Thunderbolt and Lightfoot
7/10 (unfocused, uneven, poorly developed)
This is just a weird movie, and I still don’t know what to make of it. It starts out as an unlikely but compelling buddy film, turns into a stupid heist-flick, and by the last five minutes becomes altogether different and more interesting, even moving. The dramatic ending makes this a special film, and it’s the only reason I’m wasting time on a review.
This was director Michael Cimino’s first film, and he made it before the massively successful “The Deer Hunter.” I happen to think that “Deer Hunter” was also massively overrated, so it’s no surprise that I was ambivalent toward this movie as well.
The story follows Thunderbolt (Clint Eastwood) posing as a minister and fleeing an assassin when he runs into the happy-go-lucky smalltime crook Lightfoot (Jeff Bridges). Only about halfway through the film do we learn that Thunderbolt is fleeing from his former bankrobber buddies as they mistakenly try to kill him for a doublecross that he never did. Meantime, he knows where the money from their last heist is hidden and is heading there with Lightfoot. They meet up, can’t find the money, and Lightfoot convinces them all to do the same heist over again. The last half of the film focuses on the heist and getaway.
If you look at the poster, the tagline says, “He has exactly seven minutes to get rich quick!” This, along with the ridiculous Eastwood pose over a cannon, so completely misrepresents the film as to cause some strange Kafkaesque existential crisis in (s)he who considers the absurdity. It would have you think that the entire movie revolves around the heist, which is far from the truth.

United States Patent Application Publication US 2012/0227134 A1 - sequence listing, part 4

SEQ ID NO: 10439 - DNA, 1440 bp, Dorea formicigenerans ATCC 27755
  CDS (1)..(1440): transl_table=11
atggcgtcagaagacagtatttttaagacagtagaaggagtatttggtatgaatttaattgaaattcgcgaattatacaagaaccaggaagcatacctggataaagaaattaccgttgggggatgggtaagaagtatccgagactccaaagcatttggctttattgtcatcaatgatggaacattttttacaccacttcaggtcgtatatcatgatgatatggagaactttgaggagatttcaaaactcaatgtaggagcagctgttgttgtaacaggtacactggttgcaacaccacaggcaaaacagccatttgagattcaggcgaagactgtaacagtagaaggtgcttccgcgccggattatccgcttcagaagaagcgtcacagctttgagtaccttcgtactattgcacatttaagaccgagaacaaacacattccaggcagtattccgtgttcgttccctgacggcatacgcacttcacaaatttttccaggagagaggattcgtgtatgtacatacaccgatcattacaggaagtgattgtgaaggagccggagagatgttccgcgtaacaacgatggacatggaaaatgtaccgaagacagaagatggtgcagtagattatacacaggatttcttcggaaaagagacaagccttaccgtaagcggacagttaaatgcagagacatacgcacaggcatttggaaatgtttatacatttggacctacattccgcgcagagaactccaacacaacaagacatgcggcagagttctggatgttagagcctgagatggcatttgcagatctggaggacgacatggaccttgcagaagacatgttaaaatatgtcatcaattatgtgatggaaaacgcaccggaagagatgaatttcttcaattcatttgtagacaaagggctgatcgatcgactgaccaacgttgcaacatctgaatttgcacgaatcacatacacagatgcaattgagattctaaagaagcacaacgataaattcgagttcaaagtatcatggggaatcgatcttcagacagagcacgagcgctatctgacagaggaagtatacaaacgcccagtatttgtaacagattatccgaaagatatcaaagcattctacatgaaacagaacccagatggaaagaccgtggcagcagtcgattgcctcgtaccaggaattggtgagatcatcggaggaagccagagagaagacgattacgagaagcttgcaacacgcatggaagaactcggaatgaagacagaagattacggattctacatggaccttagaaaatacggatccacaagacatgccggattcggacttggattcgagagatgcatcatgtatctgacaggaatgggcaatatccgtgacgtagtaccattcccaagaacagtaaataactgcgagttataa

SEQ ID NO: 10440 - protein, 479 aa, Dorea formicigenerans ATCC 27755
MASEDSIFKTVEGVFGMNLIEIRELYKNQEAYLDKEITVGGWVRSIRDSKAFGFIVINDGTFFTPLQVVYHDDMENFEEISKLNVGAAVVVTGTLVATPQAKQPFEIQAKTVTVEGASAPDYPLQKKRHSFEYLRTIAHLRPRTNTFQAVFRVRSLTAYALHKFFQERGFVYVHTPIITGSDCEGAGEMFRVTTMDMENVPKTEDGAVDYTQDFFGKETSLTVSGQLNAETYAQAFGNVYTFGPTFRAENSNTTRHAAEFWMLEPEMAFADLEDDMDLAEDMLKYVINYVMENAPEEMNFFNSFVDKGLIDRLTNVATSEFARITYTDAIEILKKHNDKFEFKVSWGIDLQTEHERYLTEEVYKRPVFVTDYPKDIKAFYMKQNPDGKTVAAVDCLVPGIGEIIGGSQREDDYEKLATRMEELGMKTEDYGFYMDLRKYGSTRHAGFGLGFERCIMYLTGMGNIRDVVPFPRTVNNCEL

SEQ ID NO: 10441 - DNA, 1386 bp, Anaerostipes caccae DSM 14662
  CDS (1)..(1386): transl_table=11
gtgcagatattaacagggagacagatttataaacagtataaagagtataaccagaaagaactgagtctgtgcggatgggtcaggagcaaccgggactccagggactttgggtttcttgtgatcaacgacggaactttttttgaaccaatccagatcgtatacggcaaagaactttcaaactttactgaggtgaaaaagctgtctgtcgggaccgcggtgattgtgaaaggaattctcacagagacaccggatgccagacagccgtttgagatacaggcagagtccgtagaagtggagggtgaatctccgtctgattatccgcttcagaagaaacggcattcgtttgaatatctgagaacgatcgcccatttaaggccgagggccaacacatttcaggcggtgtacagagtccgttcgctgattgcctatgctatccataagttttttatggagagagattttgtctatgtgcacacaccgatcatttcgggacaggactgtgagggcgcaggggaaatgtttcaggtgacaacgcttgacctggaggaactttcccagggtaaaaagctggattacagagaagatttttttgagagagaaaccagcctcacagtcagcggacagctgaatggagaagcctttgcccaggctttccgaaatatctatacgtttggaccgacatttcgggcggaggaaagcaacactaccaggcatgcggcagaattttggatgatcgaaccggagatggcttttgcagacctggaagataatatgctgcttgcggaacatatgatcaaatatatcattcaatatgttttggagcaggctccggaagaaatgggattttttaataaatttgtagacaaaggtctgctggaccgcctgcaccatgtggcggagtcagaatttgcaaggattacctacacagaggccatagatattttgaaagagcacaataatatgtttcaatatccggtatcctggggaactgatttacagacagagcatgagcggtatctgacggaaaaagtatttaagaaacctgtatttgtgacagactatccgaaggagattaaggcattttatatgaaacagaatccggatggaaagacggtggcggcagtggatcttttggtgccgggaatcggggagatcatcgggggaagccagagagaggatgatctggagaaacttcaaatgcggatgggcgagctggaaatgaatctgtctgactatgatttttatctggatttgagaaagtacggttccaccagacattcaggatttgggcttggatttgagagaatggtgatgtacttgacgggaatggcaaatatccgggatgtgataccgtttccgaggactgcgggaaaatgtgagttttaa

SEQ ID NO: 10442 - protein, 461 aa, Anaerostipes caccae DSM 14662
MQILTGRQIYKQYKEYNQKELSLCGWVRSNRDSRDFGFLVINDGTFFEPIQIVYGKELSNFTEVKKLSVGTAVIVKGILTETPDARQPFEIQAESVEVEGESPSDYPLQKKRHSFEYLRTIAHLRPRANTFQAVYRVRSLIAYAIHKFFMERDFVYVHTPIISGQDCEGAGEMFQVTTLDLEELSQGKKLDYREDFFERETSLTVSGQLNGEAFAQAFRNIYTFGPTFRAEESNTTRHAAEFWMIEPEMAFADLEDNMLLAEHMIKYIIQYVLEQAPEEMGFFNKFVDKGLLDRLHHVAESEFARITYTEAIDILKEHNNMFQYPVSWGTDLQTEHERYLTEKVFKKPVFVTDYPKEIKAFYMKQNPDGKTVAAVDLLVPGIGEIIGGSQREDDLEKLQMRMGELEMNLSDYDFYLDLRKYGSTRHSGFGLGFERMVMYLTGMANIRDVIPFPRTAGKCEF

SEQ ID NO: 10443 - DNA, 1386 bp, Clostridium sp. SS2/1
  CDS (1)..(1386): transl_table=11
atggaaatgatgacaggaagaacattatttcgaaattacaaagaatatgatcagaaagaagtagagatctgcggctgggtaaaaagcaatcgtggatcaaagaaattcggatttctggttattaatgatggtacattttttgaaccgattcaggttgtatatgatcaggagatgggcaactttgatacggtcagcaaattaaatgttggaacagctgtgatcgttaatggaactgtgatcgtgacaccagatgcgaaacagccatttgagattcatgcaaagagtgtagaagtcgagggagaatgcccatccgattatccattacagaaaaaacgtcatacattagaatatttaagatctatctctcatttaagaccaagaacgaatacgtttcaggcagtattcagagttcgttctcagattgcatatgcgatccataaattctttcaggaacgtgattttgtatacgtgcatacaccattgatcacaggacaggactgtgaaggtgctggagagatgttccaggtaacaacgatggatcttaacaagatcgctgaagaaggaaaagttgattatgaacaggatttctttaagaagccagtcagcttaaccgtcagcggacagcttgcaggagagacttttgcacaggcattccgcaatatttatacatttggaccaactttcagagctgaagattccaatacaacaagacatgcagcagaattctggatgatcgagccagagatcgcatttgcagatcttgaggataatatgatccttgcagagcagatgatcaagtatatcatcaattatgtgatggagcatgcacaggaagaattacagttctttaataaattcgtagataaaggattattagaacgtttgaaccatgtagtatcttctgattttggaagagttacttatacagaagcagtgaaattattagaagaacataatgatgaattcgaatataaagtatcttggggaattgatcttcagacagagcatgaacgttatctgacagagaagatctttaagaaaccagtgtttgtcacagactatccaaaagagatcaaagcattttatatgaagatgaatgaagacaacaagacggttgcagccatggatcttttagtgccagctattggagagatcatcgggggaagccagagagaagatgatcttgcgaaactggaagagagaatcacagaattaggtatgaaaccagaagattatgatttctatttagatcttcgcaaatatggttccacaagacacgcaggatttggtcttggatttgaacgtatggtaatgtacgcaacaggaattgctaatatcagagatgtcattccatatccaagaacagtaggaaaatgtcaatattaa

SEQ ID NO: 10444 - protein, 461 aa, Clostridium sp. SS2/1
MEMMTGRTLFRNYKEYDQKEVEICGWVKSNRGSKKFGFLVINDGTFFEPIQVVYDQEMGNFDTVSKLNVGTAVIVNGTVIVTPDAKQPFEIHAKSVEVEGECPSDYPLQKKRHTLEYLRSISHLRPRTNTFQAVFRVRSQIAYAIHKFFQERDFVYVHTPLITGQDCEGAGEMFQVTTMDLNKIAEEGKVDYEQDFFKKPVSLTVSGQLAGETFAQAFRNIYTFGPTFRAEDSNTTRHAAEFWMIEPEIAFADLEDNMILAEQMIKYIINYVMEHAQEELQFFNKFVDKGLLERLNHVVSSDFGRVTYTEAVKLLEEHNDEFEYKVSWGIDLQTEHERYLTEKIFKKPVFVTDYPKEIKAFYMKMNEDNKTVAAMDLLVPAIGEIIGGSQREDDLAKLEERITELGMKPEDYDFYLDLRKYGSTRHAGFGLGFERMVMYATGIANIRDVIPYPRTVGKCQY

Aside from the poor marketing (which nonetheless might be indicative of the lack of focus shown by Cimino in the screenplay), the film (i.e. Cimino) fails at executing every genre in the jumble that it presents. The buddy aspect, though bolstered by the chemistry between Eastwood and Bridges (and Bridges’ fantastic performance, for which he was nominated for an “Academy” Award), is a victim of spectacular underdevelopment. When after five minutes of screentime Lightfoot expresses sadness that Thunderbolt doesn’t want to continue hanging out (“Look, I like you. . . I thought we could be friends!”), the viewer is thinking “Huh? When did that happen?” Then when Thunderbolt, after a few days of knowing this young punk, inexplicably decides to tell him about the heist they pulled (including the exact location of the hidden loot), you realize that the film’s not even trying to make sense.
Then Cimino shifts into bank heist mode, where Thunderbolt not only miraculously reconciles with his two former partners that have been trying to kill him all this time, but then they all decide on a whim to try the same heist over again, instigated by Lightfoot. This involves them getting jobs for who-knows-how-long (it’s never specified but assumed to be at least weeks or months) in order to raise money to purchase the cannon necessary for the job. Here the movie veers into comedy territory as one of the bankrobbers is working as an ice cream vendor, another as a janitor, and Lightfoot as a construction worker. The entire group appears so clownish that you can’t believe they’re actually serious about pulling this off.
Then comes the heist, and Cimino makes another shift into drama/suspense mode. TB and LF are betrayed by perhaps the most underdeveloped character in the movie (George Kennedy), and then they stumble onto the original loot. I won’t give away the last five minutes except to say that Bridges turns in an amazing, haunting performance. It’s a shame that Cimino didn’t adequately develop their friendship because it probably could have been at least twice as touching as it actually was.
In conclusion, this is not really a good film. It scores so high for being strange, but mostly for Jeff Bridges and a good young performance by Eastwood. You should see this for a haunting ending and for Bridges, proving in his youth that the Oscar he won for “Crazy Heart” wasn’t a fluke.
7 June 2010